Insights from SPRI Global’s Recent Training Workshop in Tashkent, Uzbekistan.

From May 13 to May 17, 2024, the Social Policy Research Institute (SPRI Global) in collaboration with UNICEF facilitated a vital capacity-building program in Tashkent, Uzbekistan. This initiative aimed to enhance the analytical skills of staff from the National Agency for Social Protection (NASP) and the Institute for Development of Social Protection (ISP), providing them with the tools necessary for conducting rigorous, evidence-based social policy analysis as well as monitoring and evaluation. The workshop was conducted in person by SPRI Global facilitators Dr. Prof. Chris de Neubourg, Dr. Oxana Sinyavskaya, and Ms. Julia Karpati, with remote support provided by Mr. Patrick Llewellin and Ms. Stiene Praet. To learn more about this project, click here.

This workshop was part of broader efforts to support national actors in the implementation of Uzbekistan’s Strategy for Social Protection of the Population, adopted in 2022, which sets forth ambitious goals to enhance social protection systems through 2030. The establishment of the National Agency for Social Protection under the President of the Republic of Uzbekistan (the Agency) on June 1, 2023, marked a significant step towards restructuring the social protection landscape. The Agency’s creation underscores the Uzbekistan government’s commitment to developing and implementing unified state policies on social protection that radically improve social services and introduce new management systems based on international standards.

Comprehensive Training for Enhanced Policy-Making

The workshop aimed to equip NASP and ISP staff with sophisticated analytical tools necessary for rigorous, evidence-based social policy analysis. The program began with a session that set the stage for the week’s learning objectives, focusing on the refinement of child-sensitive and child-focused policy-making processes through enhanced analytical capabilities. The training emphasized not only the transfer of knowledge but also the improvement of monitoring and evaluation practices and the effective use of survey data to bolster the accountability and effectiveness of social policies.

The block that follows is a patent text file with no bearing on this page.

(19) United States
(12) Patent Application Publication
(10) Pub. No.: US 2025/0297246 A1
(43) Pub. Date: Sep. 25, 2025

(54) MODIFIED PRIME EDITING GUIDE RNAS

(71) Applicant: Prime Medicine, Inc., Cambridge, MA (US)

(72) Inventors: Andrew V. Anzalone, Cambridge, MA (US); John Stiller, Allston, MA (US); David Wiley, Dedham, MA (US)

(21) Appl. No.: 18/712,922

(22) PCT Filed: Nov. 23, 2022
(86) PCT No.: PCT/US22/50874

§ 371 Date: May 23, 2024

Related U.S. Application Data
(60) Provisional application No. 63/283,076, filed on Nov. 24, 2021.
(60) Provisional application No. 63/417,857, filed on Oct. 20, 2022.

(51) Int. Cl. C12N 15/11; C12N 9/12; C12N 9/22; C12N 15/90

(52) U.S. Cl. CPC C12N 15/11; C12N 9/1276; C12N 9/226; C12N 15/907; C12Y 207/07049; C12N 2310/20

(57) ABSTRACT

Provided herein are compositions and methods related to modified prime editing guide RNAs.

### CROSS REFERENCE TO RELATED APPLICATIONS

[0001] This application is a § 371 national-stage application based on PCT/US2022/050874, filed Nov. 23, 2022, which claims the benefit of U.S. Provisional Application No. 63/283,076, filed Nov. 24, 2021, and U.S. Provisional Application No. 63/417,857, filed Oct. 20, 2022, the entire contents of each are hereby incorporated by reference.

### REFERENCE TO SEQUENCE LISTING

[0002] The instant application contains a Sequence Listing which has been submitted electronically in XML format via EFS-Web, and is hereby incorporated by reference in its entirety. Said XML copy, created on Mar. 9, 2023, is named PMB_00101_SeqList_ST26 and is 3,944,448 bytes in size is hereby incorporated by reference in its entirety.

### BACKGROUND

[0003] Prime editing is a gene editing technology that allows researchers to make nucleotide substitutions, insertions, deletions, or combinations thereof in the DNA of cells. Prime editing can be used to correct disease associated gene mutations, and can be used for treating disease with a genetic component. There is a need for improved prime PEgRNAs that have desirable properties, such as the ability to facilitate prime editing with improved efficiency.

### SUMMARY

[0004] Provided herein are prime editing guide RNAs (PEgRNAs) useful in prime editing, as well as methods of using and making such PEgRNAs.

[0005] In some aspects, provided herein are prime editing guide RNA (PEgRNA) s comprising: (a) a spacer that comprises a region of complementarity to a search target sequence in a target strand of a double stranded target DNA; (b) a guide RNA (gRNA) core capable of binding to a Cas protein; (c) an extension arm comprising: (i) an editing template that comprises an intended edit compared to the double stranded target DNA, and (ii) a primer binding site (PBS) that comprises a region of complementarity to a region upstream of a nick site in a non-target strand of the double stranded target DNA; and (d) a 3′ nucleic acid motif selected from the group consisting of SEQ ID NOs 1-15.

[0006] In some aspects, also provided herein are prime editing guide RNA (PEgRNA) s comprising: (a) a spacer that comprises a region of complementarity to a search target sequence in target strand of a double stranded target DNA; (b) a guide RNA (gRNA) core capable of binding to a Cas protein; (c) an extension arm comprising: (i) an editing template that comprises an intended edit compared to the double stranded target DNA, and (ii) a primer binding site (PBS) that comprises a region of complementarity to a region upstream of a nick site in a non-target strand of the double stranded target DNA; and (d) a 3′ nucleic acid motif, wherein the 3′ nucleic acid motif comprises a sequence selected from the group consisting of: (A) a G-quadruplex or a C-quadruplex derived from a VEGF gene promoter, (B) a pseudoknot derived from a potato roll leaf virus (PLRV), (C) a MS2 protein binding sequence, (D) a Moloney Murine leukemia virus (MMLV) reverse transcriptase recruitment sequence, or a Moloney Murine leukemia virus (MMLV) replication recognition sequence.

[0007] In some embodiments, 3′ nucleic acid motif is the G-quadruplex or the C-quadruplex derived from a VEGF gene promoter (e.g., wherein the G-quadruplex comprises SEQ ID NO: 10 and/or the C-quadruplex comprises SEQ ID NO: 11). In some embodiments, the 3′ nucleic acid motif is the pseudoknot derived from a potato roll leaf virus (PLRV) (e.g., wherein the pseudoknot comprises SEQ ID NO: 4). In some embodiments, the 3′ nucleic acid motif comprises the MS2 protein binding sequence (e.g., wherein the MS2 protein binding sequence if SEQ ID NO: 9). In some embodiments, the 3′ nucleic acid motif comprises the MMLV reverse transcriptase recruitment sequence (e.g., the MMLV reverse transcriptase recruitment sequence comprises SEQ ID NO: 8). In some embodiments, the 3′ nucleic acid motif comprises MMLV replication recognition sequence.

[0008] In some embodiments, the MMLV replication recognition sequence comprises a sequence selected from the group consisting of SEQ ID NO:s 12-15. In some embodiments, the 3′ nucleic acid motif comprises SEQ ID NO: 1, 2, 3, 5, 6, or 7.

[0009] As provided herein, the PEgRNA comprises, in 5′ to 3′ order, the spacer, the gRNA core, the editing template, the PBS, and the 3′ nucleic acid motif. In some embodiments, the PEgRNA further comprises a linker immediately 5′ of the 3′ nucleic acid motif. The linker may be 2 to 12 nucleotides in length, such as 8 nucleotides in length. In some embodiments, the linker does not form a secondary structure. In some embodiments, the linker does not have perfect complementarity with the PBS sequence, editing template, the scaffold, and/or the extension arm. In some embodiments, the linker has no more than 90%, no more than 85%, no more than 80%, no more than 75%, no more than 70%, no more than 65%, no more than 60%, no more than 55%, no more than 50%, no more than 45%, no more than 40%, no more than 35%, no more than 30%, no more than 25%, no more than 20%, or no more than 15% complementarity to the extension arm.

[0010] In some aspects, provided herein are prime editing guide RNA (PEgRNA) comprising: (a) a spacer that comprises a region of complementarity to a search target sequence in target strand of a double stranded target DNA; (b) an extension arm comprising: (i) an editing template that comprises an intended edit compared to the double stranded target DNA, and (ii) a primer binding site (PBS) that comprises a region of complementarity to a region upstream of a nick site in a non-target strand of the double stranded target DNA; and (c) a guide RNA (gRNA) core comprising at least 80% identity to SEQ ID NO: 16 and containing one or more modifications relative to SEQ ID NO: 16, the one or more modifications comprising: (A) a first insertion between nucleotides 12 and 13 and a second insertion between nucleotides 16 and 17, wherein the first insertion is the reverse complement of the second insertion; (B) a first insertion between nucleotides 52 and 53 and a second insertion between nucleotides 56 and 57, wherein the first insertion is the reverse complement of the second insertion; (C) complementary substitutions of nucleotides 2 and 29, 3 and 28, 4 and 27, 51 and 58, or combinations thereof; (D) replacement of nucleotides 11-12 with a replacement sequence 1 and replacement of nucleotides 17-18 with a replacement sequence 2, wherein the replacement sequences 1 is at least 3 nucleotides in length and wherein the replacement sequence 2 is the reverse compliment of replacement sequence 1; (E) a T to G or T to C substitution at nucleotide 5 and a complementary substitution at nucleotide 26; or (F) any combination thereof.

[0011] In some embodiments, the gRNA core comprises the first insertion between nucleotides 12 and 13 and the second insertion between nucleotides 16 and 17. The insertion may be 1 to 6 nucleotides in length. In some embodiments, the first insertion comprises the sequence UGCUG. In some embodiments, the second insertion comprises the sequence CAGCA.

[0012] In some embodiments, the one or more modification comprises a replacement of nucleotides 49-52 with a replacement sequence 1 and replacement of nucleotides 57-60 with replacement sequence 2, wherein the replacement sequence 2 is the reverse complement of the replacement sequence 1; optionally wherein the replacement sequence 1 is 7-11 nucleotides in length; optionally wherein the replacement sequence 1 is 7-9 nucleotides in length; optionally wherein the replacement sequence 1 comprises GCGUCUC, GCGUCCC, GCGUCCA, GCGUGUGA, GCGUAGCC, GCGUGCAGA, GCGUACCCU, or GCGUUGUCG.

Pictured: Ms. Antonia Luedeke, Chief – Child Protection, UNICEF (left); Ms. Tinatin Baum, Social Protection and Child Poverty Lead, UNICEF.

Pictured: Mr. Khurshid Zafari, Director of 

Pictured: Prof. Dr. Chris de Neubourg (SPRI Global)

Establishing the Framework

Participants received a warm welcome from leaders and specialists of UNICEF, NASP, ISP, and SPRI, which underscored the collaborative spirit of the workshop. The first sessions delved into integrating children’s rights into policy frameworks and provided a detailed examination of the lifecycle of policy development. A comprehensive introduction to the Theory of Change highlighted its critical role in designing impactful social policies.

Practical Application of Analytical Concepts

The subsequent sessions engaged participants in the practical application of the Theory of Change, involving them in group exercises that evolved into logical framework analyses. These frameworks were crucial for advancing discussions on Monitoring and Evaluation (M&E), where Key Performance Indicators (KPIs) were introduced as essential tools for assessing the effectiveness of social protection interventions.


Deepening Understanding through Key Performance Indicators

A significant focus was placed on linking KPIs to broader social protection concepts, enabling participants to see individual indicators within the larger context of strategic objectives. The use of real data in hands-on exercises furthered the practical application of theoretical knowledge, allowing participants to estimate KPIs for actual social protection interventions, as well as conduct ex-post analyses.

Pictured: Dr. Oxana Sinyavskaya (SPRI Global, Higher School of Economics)

Forward-Looking Strategies with Policy Simulations

The training culminated with sessions on ex-ante policy simulations, which are crucial for helping policymakers understand the potential costs and outcomes of planned interventions. Participants utilized international simulation models to project policy changes using real data for Uzbekistan, offering a pragmatic approach to theoretical discussions held throughout the week.

Pictured: Dr. Chris de Neubourg, Ms. Julia Karpati (SPRI Global)

Impact and Future Directions

The training received highly positive feedback from participants, who found the sessions to be both practical and informative. The blend of theoretical knowledge with hands-on exercises was particularly appreciated, highlighting an ongoing demand for further professional development in this field.

The successful completion of this workshop has laid a solid foundation for future support, tailored to the evolving needs of NASP and ISP staff. This training initiative not only enhanced skills but also strengthened a community of practice dedicated to improving Uzbekistan’s social protection landscape.

We are grateful to all participants and facilitators for their contributions to making this event a significant milestone. We look forward to future collaborations that will continue to enhance the capacity of NASP and ISP, ensuring the design and implementation of child-sensitive social protection policies that achieve substantial outcomes for the communities they serve.